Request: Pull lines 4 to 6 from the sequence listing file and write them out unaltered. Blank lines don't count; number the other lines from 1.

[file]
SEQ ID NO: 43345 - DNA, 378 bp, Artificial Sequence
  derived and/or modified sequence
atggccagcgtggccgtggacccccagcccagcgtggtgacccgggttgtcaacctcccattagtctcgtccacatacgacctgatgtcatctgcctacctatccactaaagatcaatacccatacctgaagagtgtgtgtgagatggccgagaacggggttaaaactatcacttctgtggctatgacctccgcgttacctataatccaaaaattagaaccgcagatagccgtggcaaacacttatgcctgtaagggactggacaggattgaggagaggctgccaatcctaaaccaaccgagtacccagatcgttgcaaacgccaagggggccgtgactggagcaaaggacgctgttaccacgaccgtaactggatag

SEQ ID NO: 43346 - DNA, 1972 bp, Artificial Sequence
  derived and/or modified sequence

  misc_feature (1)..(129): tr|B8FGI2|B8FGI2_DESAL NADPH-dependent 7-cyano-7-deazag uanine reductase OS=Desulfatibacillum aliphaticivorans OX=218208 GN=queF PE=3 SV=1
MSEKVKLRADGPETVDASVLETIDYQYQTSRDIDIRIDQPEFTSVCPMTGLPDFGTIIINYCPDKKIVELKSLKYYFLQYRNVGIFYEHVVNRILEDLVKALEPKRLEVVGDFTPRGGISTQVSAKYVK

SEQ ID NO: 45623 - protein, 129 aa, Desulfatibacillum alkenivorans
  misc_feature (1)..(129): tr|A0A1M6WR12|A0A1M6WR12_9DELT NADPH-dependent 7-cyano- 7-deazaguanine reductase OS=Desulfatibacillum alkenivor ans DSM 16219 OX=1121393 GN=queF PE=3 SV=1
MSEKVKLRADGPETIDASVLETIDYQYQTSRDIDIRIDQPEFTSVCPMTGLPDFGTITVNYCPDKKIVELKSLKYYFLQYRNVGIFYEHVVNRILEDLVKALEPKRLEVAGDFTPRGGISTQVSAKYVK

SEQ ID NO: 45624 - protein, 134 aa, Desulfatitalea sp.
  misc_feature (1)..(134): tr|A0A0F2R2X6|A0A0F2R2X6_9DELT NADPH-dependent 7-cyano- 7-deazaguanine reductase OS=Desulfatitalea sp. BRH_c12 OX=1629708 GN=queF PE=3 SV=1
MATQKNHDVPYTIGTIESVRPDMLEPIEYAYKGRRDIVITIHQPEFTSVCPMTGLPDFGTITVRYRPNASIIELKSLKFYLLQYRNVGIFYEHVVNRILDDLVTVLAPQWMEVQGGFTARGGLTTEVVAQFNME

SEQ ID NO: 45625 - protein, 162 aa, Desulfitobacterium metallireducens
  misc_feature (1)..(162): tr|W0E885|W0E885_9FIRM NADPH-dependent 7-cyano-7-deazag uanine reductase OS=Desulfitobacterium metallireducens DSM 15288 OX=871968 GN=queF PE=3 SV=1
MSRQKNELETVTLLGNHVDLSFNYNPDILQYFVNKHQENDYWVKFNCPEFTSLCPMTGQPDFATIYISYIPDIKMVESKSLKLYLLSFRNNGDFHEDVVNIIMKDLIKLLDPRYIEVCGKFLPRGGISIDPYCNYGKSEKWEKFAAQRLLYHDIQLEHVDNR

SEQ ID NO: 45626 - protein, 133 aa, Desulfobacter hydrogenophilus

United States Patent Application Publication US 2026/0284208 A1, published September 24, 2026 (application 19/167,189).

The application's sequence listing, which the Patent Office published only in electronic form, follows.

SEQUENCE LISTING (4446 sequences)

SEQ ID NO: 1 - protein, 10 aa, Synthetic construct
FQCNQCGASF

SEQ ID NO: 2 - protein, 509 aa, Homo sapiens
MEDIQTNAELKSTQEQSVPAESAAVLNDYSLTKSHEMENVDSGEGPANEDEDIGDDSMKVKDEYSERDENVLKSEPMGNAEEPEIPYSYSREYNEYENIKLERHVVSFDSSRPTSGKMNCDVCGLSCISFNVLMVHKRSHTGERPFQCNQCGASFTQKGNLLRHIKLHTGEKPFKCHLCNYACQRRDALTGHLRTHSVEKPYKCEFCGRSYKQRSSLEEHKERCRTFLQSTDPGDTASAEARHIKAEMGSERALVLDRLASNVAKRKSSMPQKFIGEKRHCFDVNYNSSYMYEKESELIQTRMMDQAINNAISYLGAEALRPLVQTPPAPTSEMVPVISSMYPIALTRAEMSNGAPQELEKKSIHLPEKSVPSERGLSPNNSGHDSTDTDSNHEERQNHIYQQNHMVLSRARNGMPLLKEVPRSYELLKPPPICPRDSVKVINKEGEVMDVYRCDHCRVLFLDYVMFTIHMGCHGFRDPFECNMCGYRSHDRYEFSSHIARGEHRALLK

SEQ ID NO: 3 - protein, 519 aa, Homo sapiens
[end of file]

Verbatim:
SEQ ID NO: 43346 - DNA, 1972 bp, Artificial Sequence
  derived and/or modified sequence

  misc_feature (1)..(129): tr|B8FGI2|B8FGI2_DESAL NADPH-dependent 7-cyano-7-deazag uanine reductase OS=Desulfatibacillum aliphaticivorans OX=218208 GN=queF PE=3 SV=1